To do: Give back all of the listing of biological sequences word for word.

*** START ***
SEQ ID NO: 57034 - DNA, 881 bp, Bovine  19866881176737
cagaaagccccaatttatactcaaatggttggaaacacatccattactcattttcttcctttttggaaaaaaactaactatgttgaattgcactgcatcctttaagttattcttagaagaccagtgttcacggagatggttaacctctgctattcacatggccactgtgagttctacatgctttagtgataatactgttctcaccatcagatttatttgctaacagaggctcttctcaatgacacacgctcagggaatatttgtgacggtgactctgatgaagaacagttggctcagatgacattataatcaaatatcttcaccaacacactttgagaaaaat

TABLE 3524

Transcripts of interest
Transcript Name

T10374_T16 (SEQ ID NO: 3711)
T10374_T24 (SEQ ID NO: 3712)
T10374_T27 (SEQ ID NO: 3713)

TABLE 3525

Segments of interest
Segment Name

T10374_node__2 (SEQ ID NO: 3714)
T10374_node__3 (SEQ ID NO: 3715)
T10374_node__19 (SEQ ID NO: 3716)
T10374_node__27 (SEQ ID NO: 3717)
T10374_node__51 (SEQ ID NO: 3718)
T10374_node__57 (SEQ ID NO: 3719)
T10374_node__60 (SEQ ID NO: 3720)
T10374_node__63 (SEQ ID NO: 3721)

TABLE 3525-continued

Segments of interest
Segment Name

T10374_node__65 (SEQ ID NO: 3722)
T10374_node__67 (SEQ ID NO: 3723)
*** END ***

SEQ ID NO: 57034 - DNA, 881 bp, Bovine  19866881176737
cagaaagccccaatttatactcaaatggttggaaacacatccattactcattttcttcctttttggaaaaaaactaactatgttgaattgcactgcatcctttaagttattcttagaagaccagtgttcacggagatggttaacctctgctattcacatggccactgtgagttctacatgctttagtgataatactgttctcaccatcagatttatttgctaacagaggctcttctcaatgacacacgctcagggaatatttgtgacggtgactctgatgaagaacagttggctcagatgacattataatcaaatatcttcaccaacacactttgagaaaaat

TABLE 3524

Transcripts of interest
Transcript Name

T10374_T16 (SEQ ID NO: 3711)
T10374_T24 (SEQ ID NO: 3712)
T10374_T27 (SEQ ID NO: 3713)

TABLE 3525

Segments of interest
Segment Name

T10374_node__2 (SEQ ID NO: 3714)
T10374_node__3 (SEQ ID NO: 3715)
T10374_node__19 (SEQ ID NO: 3716)
T10374_node__27 (SEQ ID NO: 3717)
T10374_node__51 (SEQ ID NO: 3718)
T10374_node__57 (SEQ ID NO: 3719)
T10374_node__60 (SEQ ID NO: 3720)
T10374_node__63 (SEQ ID NO: 3721)

TABLE 3525-continued

Segments of interest
Segment Name

T10374_node__65 (SEQ ID NO: 3722)
T10374_node__67 (SEQ ID NO: 3723)